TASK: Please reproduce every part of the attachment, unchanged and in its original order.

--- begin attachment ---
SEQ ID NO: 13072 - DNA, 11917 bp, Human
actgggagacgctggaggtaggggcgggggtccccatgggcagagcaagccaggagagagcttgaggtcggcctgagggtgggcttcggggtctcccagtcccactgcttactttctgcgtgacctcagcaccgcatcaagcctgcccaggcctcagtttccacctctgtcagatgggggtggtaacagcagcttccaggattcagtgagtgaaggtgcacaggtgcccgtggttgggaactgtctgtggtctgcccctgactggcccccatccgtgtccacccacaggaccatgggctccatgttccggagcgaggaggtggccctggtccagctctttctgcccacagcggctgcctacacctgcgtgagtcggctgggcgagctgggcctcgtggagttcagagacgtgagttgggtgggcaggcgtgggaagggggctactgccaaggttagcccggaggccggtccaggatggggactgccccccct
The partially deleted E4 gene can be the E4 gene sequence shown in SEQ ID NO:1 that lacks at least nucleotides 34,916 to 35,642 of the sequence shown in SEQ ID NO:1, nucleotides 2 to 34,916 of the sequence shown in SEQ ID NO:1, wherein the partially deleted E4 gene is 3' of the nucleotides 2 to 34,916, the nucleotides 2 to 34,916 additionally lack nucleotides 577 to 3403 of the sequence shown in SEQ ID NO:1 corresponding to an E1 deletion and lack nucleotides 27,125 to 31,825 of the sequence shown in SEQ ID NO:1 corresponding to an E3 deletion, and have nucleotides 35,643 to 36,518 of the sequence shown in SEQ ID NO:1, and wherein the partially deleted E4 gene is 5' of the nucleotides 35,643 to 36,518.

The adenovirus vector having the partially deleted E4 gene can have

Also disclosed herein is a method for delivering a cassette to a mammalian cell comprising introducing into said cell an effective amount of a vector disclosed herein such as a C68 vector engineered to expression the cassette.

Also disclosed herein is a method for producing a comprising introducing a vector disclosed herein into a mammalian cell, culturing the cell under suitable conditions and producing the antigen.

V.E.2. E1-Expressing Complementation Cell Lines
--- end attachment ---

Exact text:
SEQ ID NO: 13072 - DNA, 11917 bp, Human
actgggagacgctggaggtaggggcgggggtccccatgggcagagcaagccaggagagagcttgaggtcggcctgagggtgggcttcggggtctcccagtcccactgcttactttctgcgtgacctcagcaccgcatcaagcctgcccaggcctcagtttccacctctgtcagatgggggtggtaacagcagcttccaggattcagtgagtgaaggtgcacaggtgcccgtggttgggaactgtctgtggtctgcccctgactggcccccatccgtgtccacccacaggaccatgggctccatgttccggagcgaggaggtggccctggtccagctctttctgcccacagcggctgcctacacctgcgtgagtcggctgggcgagctgggcctcgtggagttcagagacgtgagttgggtgggcaggcgtgggaagggggctactgccaaggttagcccggaggccggtccaggatggggactgccccccct
The partially deleted E4 gene can be the E4 gene sequence shown in SEQ ID NO:1 that lacks at least nucleotides 34,916 to 35,642 of the sequence shown in SEQ ID NO:1, nucleotides 2 to 34,916 of the sequence shown in SEQ ID NO:1, wherein the partially deleted E4 gene is 3' of the nucleotides 2 to 34,916, the nucleotides 2 to 34,916 additionally lack nucleotides 577 to 3403 of the sequence shown in SEQ ID NO:1 corresponding to an E1 deletion and lack nucleotides 27,125 to 31,825 of the sequence shown in SEQ ID NO:1 corresponding to an E3 deletion, and have nucleotides 35,643 to 36,518 of the sequence shown in SEQ ID NO:1, and wherein the partially deleted E4 gene is 5' of the nucleotides 35,643 to 36,518.

The adenovirus vector having the partially deleted E4 gene can have

Also disclosed herein is a method for delivering a cassette to a mammalian cell comprising introducing into said cell an effective amount of a vector disclosed herein such as a C68 vector engineered to expression the cassette.

Also disclosed herein is a method for producing a comprising introducing a vector disclosed herein into a mammalian cell, culturing the cell under suitable conditions and producing the antigen.

V.E.2. E1-Expressing Complementation Cell Lines